R(on the application of British Gurkha Welfare Society and Others) v Ministry of Defence[2010] EWCA Civ 1098 (Maurice Kay, Longmore, Black LJJ): The appeal concerned a challenge to the modified pension arrangements for retired soldiers from the Brigade of Gurkhas. The claimant’s appeal was dismissed on the basis that the modified arrangements did not discriminate on grounds of age or nationality contrary to article 14 ECHR taken together with Protocol 1, article 1. The claimant sought unsuccessfully to overcome previous judgments in R(on the application of Purja and others) v Ministry of Defence [2003] EWCA Civ 1345 and R(on the application of Gurung) v Ministry of Defence [2008] EWHC 1496 (Admin). Click here for transcript

Government scraps public sector duty regarding socio-economic equalities

On 17 November 2010 the Home Secretary and Minister for Women and Equality Theresa May announced that the socio-economic duty, which was created as part of the 2010 Equality Act, will be scrapped. She said:

“Equality has become a dirty word because it has come to be associated with the worst aspects of pointless political correctness and social engineering.”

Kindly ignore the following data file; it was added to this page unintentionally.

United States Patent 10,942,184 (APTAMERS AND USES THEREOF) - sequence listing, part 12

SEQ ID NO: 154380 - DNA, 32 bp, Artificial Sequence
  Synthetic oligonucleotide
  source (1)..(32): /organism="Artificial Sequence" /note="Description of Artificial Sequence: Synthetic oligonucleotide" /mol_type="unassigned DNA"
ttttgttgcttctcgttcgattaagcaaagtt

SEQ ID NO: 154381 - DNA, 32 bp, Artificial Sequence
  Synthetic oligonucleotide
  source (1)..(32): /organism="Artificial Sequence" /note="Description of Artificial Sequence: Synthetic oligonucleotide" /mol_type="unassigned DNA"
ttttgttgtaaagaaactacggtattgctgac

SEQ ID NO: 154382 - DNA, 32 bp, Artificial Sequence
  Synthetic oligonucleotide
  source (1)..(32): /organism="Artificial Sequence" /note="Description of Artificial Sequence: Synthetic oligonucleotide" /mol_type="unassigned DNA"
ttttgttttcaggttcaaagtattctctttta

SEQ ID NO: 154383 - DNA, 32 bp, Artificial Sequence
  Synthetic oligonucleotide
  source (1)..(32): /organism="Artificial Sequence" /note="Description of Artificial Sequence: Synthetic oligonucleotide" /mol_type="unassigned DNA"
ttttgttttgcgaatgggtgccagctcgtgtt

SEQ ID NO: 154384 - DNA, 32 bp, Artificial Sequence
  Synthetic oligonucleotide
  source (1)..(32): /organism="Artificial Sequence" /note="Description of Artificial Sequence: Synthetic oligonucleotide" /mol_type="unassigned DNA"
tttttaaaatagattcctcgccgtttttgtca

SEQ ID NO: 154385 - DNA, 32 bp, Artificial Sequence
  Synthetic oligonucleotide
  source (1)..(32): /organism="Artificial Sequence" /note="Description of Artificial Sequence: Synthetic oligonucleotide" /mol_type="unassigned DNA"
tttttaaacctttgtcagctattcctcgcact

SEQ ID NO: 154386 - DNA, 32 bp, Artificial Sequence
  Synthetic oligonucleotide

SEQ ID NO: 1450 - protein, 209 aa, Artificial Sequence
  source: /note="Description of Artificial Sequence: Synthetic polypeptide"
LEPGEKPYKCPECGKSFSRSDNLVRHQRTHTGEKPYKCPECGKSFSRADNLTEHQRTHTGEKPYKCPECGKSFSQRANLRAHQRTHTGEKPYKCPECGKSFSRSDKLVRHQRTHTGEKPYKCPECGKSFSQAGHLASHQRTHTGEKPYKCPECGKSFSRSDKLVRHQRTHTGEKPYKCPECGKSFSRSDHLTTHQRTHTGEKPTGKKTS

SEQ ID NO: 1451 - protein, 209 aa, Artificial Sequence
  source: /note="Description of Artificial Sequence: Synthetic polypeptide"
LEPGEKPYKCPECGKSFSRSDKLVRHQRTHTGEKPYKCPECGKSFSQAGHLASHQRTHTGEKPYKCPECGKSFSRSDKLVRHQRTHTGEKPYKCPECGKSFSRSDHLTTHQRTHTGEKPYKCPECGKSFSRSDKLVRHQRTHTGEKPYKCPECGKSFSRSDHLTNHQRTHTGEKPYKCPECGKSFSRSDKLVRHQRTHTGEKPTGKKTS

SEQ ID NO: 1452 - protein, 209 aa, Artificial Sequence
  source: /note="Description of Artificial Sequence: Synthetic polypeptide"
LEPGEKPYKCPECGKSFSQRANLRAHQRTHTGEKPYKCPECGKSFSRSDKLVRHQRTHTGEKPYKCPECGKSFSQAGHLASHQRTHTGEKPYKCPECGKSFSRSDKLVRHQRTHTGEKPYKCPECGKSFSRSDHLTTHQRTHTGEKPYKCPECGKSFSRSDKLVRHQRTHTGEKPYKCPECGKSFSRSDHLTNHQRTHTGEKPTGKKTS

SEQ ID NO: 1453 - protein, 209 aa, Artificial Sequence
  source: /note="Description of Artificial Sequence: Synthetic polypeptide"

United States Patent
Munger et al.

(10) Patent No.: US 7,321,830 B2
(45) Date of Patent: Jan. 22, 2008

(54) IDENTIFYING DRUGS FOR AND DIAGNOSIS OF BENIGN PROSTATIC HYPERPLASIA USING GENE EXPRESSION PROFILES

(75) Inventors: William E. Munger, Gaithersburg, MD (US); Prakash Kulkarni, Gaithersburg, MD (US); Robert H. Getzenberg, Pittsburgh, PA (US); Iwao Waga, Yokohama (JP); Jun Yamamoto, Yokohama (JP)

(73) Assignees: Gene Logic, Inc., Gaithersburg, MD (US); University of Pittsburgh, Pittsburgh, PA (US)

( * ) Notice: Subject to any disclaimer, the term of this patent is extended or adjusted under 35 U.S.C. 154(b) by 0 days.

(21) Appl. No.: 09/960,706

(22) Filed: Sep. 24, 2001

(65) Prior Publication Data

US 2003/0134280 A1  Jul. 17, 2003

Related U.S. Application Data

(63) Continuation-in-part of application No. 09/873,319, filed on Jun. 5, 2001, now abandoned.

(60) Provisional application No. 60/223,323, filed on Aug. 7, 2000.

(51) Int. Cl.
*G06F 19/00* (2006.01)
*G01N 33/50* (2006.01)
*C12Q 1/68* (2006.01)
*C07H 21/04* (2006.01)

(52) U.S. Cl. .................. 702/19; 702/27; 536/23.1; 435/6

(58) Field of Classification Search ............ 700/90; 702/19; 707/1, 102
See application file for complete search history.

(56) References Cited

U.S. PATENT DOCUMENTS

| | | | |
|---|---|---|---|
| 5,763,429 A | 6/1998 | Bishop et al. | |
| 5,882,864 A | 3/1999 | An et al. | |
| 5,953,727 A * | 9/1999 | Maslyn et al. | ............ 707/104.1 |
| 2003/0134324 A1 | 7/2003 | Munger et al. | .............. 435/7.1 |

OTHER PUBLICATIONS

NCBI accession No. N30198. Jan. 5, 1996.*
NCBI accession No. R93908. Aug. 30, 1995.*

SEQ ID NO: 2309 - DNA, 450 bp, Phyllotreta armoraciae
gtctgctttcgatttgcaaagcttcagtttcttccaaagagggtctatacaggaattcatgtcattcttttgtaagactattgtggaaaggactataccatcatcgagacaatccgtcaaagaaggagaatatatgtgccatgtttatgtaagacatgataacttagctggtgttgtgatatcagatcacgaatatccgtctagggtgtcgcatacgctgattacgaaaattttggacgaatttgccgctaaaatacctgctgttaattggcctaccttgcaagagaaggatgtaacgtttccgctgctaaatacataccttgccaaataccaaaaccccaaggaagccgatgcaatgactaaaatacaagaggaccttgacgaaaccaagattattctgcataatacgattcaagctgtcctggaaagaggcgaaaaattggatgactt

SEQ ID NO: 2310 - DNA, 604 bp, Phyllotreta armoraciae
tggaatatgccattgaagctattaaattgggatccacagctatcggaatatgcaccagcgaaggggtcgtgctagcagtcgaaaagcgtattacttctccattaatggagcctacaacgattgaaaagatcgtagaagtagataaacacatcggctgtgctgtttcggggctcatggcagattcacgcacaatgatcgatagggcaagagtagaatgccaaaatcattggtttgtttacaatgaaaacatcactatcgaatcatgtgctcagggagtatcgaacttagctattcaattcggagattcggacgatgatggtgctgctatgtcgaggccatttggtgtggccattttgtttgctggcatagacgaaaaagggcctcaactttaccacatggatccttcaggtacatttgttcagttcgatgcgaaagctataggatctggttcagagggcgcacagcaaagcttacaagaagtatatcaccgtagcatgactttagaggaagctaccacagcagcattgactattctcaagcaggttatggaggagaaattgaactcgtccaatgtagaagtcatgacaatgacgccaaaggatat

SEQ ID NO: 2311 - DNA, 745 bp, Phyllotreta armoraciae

Section 1(1),(2) of the Equality Act 2010 provides:

Public sector duty regarding socio-economic inequalities

(1)An authority to which this section applies must, when making decisions of a strategic nature about how to exercise its functions, have due regard to the desirability of exercising them in a way that is designed to reduce the inequalities of outcome which result from socio-economic disadvantage.

(2)In deciding how to fulfil a duty to which it is subject under subsection (1), an authority must take into account any guidance issued by a Minister of the Crown.

For the full story click here.

Government confirms commitment to introduce the public sector equality duty under the Equality Act 2010

On 19 November 2010 the Government confirmed that it intended to introduce the public sector equality duty found in Part 11, Chapter 1 of the Equality Act 2010. The new equality duty is expected to come into force in April 2011. Click here for details.

Current equality duties apply to race, sex and disability. When introduced into force the provisions in the Equality Act 2010 will extend to the protected characteristics of age, disability, gender reassignment, pregnancy and maternity, race, religion or belief, sex and sexual orientation